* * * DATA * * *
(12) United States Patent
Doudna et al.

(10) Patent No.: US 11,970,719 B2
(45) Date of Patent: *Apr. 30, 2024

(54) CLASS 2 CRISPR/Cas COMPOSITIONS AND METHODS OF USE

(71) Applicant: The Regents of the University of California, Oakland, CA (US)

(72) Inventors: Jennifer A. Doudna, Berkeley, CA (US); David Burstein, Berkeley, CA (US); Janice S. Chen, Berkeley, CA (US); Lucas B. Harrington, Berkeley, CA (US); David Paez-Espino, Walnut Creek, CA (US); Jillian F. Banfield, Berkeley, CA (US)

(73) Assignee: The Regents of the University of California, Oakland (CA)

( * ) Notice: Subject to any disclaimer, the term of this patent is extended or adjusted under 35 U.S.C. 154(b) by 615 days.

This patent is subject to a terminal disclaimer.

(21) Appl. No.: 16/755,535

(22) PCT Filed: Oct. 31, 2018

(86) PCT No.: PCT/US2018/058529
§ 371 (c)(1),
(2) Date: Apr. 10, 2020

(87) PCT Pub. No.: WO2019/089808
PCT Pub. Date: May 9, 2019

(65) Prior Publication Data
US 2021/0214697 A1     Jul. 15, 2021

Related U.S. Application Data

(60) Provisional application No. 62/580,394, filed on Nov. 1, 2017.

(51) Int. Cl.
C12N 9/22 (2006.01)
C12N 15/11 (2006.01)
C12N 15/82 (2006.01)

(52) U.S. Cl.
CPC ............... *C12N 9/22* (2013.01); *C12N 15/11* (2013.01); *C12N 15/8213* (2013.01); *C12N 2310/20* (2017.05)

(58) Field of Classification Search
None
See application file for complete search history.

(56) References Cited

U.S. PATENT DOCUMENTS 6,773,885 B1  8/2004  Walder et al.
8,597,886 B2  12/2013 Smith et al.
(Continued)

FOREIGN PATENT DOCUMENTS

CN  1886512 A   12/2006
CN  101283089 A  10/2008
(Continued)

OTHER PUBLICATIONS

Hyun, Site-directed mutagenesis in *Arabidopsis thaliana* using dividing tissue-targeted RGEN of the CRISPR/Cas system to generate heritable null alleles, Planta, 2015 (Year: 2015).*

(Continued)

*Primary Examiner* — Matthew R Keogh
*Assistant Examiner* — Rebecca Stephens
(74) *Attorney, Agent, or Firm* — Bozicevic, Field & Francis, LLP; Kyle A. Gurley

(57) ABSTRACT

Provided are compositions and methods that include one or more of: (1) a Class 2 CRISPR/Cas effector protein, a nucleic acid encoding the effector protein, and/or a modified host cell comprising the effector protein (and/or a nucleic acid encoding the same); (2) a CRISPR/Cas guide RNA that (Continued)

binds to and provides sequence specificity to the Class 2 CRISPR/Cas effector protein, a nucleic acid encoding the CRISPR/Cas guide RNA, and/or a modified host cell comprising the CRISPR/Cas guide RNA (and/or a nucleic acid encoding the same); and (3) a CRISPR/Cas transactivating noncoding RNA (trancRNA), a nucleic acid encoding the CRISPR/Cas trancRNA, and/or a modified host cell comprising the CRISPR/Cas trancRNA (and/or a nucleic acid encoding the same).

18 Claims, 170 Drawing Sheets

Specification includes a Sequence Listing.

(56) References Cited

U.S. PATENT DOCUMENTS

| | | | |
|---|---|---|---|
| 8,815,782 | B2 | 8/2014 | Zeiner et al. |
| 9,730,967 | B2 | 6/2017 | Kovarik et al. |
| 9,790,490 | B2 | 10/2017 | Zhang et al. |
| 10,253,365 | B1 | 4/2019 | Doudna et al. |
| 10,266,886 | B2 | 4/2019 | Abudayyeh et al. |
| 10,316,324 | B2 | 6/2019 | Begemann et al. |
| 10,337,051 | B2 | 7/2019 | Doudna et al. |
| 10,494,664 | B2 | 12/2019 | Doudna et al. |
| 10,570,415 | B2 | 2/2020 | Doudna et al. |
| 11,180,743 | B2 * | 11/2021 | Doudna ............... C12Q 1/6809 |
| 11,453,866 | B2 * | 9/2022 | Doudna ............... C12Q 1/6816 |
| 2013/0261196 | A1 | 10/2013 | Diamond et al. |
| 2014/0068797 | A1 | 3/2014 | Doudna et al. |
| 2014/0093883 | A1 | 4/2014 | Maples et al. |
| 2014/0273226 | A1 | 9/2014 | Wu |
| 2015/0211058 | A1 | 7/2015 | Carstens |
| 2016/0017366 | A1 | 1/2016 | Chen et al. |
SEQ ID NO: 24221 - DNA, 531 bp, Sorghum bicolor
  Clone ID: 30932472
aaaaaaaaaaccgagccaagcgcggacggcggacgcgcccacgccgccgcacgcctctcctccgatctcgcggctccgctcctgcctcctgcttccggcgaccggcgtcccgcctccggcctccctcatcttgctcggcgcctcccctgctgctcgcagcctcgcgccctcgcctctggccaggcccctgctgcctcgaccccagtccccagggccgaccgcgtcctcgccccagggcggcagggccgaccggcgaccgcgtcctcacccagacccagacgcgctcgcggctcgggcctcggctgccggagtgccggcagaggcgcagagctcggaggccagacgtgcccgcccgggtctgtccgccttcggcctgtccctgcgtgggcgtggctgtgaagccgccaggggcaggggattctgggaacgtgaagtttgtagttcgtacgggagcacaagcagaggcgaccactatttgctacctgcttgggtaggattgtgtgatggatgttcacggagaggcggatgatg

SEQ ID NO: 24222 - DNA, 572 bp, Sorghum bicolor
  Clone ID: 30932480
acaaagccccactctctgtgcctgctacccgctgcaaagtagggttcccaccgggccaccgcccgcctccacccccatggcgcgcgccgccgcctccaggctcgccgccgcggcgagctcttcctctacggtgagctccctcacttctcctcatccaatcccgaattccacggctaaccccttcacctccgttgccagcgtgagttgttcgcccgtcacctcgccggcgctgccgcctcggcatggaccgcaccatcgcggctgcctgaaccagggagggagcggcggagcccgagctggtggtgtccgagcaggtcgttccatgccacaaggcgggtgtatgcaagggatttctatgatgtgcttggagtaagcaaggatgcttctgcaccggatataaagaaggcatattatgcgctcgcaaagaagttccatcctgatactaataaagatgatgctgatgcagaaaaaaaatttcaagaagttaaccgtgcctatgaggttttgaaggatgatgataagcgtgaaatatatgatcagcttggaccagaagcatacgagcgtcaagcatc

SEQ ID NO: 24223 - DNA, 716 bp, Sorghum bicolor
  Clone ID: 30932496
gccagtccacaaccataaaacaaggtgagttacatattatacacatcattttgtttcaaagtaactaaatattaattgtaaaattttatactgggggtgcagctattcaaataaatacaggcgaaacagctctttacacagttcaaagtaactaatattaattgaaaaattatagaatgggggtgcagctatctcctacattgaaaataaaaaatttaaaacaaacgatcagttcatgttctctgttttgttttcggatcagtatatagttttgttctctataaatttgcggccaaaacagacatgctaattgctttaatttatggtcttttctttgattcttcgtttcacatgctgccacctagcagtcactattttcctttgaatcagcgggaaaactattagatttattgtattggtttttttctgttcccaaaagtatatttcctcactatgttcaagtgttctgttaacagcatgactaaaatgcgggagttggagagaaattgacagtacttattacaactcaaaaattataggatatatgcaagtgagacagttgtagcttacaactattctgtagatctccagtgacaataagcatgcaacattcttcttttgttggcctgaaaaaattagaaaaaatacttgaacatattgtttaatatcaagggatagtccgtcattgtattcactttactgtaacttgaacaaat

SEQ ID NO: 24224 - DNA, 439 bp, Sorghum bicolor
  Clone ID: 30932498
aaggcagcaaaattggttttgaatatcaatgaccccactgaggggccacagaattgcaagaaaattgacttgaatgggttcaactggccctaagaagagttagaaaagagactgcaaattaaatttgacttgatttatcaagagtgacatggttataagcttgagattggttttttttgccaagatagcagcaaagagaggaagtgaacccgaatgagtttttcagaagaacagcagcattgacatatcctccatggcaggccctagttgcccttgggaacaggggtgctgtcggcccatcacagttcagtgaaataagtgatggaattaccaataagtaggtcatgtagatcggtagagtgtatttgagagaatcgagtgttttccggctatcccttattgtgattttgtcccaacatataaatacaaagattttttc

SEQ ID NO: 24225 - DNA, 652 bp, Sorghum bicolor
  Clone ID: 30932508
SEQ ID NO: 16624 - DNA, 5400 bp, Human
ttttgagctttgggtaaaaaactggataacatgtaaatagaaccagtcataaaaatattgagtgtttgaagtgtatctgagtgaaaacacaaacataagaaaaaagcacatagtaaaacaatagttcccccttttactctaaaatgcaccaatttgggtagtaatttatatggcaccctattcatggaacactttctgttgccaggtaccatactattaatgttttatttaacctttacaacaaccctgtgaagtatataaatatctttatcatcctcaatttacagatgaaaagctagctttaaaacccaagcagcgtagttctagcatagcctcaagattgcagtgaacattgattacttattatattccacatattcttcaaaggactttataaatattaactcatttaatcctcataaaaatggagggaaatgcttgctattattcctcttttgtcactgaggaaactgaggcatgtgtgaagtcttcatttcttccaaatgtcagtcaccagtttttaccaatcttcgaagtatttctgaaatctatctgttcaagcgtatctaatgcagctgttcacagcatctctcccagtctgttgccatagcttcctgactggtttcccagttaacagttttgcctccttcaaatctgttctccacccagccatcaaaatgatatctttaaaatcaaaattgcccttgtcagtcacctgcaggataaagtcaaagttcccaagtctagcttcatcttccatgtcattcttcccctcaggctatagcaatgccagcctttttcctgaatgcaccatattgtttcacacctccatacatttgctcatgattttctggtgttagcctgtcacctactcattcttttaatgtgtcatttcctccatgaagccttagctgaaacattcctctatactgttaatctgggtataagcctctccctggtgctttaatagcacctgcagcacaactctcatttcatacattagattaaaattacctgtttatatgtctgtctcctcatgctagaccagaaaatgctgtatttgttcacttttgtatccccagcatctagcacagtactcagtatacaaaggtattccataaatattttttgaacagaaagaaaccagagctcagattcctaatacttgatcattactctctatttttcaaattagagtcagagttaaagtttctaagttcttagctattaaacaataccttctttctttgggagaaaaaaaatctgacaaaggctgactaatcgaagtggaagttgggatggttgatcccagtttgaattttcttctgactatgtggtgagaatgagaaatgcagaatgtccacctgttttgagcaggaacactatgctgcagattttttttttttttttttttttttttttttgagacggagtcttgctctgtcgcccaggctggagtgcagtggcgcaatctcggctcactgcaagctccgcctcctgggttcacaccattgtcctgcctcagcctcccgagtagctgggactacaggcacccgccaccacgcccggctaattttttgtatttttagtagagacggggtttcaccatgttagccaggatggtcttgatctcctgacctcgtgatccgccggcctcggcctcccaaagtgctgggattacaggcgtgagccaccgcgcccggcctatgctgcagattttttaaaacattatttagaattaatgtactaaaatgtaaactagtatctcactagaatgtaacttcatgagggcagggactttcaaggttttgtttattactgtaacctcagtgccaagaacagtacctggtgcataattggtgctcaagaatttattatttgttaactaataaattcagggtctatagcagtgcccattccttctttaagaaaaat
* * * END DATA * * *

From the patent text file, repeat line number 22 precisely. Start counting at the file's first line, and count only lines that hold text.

(51) Int. Cl.